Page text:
Table 1: Correspondence between conceptual elements (software architecture) and simulation elements (DEVS)

Therefore, the main concepts of the architectural model, represented by the conceptual model in Fig. 1, are transformed into elements of the simulation model. Consequently, a hierarchy of DEVS models is obtained. An atomic DEVS model is defined for the Responsibility concept (Table 1), and three coupled models are specified, one for the SimpleComponent concept, other for the ConnectionMechanism concept and another one for the SAView concept (Table 1).

4.1 DEVS Model for Responsibility Concept (RM)

The Responsibility concept is the smallest (primitive) unit of the dynamic elements in the proposed architectural model. Responsibilities are linked among them by a cause-effect relationship (Causes). The fulfilled responsibilities active other responsibilities (activated responsibilities).

This element (Fig. 3 (a)), from an architectural model, is translated into an atomic DEVS with ports, in the simulation model, called Responsibility Model (RM) (Fig. 3(b)). Specifying a DEVS with ports provides adaptability to the model, allowing an easier model evolution. Thus, when some other aspects need to be considered, inputs ports could be easily introduced. In the same way, when extra information from RM is required to be analyzed, output ports could be added easily. These changes do not impact in the whole DEVS for the Responsibility concept.

Each RM calculates its output values, related to its own states or to the measurement of quality attributes. Currently, the parameters included in the simulation elements would allow measuring performance aspects. Each element calculates the execution time to compute the turnaround time of the system when a stimulus arrives.

The relationships between responsibilities (RM) in the simulation model are given by the input/output ports, with their respective constraints to keep the cause-effect relationships.

Figure 3: (a) Responsibility concept and the causal relationship, from architectural model. (b) RM (atomic DEVS with ports) with the transition diagram inside for representing the dynamic

To sum up, formally, the Responsibility concept is specified (DEVS) defining the set of inputs, outputs and states, the external and internal transition functions, the output function and the time advance function.

4.1.1Set of Inputs (XRM)

The set of input values represents information about the fulfilled responsibilities and indicates the level in which each predecessor responsibility is completed. The only needed information for activating a responsibility initially is to know if previous responsibilities have finished their executions.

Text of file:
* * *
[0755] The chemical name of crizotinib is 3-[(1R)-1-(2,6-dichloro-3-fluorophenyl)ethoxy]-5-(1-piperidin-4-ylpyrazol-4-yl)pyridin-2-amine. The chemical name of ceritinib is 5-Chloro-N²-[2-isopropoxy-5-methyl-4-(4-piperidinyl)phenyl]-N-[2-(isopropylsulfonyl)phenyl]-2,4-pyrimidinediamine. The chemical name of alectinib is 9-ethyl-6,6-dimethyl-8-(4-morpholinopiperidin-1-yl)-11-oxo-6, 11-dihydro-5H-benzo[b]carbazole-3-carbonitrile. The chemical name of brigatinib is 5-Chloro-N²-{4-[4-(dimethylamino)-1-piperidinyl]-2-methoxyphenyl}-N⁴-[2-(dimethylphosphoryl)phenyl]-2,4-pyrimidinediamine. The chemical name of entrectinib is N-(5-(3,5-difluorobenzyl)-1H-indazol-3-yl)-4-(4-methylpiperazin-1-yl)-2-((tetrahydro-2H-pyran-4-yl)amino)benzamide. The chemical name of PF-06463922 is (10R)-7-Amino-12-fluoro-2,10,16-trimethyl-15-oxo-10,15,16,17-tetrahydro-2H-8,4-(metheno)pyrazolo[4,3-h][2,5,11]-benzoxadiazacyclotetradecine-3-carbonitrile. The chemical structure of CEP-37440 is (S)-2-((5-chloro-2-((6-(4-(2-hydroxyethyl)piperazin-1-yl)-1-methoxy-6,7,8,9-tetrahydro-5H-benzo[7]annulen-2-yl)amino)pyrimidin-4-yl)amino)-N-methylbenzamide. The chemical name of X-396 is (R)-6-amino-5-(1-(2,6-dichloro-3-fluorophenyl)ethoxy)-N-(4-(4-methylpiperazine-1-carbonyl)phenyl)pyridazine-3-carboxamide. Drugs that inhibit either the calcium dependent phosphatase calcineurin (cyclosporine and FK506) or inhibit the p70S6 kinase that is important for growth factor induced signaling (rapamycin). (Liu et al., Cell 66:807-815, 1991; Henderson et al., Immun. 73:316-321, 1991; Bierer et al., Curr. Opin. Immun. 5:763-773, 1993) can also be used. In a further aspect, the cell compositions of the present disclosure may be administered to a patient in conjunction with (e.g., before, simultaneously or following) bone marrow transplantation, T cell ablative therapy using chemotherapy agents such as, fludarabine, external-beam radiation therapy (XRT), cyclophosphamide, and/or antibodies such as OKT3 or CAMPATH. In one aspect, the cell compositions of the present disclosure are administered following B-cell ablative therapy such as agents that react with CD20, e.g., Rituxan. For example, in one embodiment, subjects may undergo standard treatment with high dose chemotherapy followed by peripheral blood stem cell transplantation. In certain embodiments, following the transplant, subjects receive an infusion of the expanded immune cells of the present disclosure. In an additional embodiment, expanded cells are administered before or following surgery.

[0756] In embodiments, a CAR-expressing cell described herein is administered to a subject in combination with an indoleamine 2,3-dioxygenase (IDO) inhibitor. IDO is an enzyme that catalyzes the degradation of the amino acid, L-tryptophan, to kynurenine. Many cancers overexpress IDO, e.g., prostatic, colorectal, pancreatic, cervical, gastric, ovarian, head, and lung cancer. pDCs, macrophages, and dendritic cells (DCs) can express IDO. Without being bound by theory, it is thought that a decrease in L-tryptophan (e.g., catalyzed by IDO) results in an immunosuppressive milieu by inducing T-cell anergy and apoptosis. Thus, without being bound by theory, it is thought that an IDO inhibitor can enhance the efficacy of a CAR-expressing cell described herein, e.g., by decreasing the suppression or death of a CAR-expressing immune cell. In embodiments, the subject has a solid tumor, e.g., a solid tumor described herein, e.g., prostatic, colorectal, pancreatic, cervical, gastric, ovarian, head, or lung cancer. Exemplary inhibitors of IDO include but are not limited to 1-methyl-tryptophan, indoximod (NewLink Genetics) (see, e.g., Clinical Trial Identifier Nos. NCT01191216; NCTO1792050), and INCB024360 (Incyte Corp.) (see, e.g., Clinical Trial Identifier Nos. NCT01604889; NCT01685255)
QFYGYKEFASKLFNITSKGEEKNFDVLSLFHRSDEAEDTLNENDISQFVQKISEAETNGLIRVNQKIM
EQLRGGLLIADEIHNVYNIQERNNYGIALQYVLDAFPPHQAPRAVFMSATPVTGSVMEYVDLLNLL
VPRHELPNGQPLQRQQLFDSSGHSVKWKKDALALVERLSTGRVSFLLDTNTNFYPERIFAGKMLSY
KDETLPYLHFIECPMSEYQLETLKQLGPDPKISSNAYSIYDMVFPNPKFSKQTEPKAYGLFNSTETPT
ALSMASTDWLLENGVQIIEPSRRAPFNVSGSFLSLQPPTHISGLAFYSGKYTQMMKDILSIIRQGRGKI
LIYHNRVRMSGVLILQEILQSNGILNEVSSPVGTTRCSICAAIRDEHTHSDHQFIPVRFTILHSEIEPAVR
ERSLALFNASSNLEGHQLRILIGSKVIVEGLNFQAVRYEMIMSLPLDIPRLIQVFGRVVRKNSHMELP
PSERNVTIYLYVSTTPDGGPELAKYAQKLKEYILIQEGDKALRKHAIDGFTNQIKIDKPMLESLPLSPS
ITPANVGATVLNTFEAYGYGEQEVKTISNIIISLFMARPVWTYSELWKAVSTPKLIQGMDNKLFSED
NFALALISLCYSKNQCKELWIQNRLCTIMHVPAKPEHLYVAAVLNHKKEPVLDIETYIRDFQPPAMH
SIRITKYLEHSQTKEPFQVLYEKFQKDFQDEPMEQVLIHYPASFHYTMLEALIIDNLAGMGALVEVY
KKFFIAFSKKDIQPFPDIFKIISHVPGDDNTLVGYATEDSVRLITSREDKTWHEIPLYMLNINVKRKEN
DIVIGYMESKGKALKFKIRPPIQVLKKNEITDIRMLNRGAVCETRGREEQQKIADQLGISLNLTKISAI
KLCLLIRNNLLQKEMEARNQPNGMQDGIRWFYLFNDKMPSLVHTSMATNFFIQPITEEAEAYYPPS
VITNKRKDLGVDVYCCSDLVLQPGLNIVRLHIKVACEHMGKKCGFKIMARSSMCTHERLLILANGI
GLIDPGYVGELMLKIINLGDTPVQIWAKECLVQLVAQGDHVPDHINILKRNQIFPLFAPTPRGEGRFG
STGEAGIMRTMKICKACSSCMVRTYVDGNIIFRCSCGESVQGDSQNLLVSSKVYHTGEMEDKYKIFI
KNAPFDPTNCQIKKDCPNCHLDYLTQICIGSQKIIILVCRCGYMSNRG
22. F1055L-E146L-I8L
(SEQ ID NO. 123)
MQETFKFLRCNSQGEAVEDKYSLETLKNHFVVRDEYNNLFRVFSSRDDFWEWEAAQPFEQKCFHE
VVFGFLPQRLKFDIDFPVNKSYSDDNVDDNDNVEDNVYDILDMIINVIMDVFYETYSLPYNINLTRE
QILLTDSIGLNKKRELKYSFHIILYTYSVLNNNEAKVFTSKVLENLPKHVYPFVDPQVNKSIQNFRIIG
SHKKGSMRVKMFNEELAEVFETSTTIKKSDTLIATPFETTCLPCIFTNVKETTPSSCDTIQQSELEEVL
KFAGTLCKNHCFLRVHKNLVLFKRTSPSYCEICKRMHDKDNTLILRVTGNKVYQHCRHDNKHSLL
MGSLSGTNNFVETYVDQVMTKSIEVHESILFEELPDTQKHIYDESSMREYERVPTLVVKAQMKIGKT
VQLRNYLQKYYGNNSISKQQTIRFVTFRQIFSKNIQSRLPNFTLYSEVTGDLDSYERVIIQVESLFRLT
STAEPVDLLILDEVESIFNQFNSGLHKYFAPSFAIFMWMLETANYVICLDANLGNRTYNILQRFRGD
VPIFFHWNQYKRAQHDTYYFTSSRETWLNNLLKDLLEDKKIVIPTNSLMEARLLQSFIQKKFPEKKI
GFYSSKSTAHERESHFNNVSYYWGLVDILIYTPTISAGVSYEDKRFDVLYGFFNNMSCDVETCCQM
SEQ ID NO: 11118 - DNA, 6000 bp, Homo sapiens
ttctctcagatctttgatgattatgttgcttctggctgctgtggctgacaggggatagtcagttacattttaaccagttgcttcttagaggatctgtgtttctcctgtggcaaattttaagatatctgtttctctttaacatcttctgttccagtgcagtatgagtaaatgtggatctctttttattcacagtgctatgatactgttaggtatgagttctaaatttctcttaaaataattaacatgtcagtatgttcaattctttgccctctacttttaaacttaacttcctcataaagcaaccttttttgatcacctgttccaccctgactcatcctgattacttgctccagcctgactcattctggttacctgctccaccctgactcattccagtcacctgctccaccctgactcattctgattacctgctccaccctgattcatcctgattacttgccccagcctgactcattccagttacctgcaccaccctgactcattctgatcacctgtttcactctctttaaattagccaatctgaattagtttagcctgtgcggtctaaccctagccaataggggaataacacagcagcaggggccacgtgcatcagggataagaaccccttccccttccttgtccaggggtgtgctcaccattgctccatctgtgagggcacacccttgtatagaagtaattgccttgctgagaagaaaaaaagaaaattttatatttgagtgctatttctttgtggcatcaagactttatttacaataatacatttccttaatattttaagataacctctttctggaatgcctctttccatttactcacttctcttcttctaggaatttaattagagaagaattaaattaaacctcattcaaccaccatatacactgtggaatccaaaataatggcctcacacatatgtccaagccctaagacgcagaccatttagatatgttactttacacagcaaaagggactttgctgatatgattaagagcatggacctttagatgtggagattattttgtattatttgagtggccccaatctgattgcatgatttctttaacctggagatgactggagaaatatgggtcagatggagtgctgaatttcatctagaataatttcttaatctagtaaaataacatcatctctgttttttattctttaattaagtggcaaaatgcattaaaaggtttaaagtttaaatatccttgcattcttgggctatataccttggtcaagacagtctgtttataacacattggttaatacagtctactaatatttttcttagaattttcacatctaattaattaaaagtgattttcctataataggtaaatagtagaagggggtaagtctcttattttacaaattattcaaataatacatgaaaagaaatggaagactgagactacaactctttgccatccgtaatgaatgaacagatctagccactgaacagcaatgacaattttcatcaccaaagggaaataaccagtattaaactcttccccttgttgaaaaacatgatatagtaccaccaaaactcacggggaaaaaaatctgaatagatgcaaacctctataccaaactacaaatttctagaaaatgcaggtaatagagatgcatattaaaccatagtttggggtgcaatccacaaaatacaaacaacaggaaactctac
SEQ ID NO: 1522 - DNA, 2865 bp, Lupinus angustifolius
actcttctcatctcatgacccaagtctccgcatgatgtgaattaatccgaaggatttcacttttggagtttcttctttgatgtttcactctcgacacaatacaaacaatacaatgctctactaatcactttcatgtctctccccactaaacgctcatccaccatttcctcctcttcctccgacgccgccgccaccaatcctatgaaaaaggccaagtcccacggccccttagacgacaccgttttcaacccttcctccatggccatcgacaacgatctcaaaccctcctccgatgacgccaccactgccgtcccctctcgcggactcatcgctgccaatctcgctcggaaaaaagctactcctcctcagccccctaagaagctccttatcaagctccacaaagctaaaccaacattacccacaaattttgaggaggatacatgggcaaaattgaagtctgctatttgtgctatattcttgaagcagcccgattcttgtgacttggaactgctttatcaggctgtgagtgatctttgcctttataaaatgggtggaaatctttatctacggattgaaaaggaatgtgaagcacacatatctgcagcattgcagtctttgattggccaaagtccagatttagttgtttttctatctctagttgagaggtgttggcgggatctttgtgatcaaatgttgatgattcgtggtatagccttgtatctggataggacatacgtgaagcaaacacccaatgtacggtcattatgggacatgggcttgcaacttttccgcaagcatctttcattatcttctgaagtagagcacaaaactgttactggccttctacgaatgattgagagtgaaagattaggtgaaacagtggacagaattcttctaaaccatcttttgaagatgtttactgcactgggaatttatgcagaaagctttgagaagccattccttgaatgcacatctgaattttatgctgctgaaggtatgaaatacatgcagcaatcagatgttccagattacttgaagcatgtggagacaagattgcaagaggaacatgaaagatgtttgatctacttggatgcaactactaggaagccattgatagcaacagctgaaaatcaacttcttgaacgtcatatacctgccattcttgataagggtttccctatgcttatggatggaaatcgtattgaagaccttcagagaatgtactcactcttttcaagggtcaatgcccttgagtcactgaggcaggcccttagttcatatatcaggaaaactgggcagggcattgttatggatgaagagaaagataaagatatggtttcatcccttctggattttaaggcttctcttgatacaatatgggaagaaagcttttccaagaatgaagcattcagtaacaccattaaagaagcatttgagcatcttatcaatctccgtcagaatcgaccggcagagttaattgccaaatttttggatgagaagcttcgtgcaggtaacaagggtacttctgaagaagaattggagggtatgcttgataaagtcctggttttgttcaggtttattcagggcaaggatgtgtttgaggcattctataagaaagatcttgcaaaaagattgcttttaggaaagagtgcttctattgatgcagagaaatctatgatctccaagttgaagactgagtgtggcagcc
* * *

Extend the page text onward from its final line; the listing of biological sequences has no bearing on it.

This set of inputs could be increased by incorporating more details to the model, with the purpose of evaluating other quality aspects of the system. In consequence, maintaining a model with ports allows that these changes can be easily added.


Set of input ports:

where prip is the input port (activatedResponsibilities, Fig. 3(a)) that is connected to the output ports of other responsibilities (fullfilledResponsibilities, Fig. 3(a)).

Set of input values for prip:

This set might incorporate other values when other aspects need to be considered.

4.1.2 The Set of States (SRM)

A responsibility reflects a point where the system makes a change in its state, because it is interrogated or affected by other architectural element. So the states allow the designer to analyze if the system is active (active), in execution (executing) or passive (inactive) mode in this point.

For this model, a state is given by a phase and a sigma value. So, the set of states is defined as follows.

SRM= {inactive, active, executing} x

where the possible phases are (Fig. 3 (b)):

  • inactive: passive state, waiting for an external event. The system stays in this phase until an event occurs and interrupts the system condition.

  • active: transitory state. This phase starts an internal transition that generates a needed output for the system evaluation. This stage indicates the execution of a responsibility has been started. The duration of this phase is null and it cannot be interrupted by external events.

  • executing: this stage indicates that the responsibility is being performed, where execution means the processing of code in software domain.

σ: resting time in the state.

The quantitative aspects, represented in the conceptual model and related to the quality attributes, are modeled as fixed parameters of the atomic model or as calculated metrics in the simulation. They are measured during the execution. Thus, adding parameters to RM will allow the evaluation of quality attributes in different scenarios based on the execution of the system.

At present, the model only includes one parameter that provides information for analyzing dynamics aspects:

  • execution_time, fix parameter of the model, indicates the time that an architectural element needs to carry out a responsibility; this means time that a responsibility uses to be performed. It sums up the metrics associated to the Measure concept in the conceptual model (Fig. 1).

4.1.3 Set of Outputs (YRM)

A responsibility is in charge of emitting two types of output values. One related to its state, data of interest for the successor responsibilities (activated responsibilities as consequence of the execution of others), and other related to the values used for measuring aspects about quality attributes.


Set of output ports: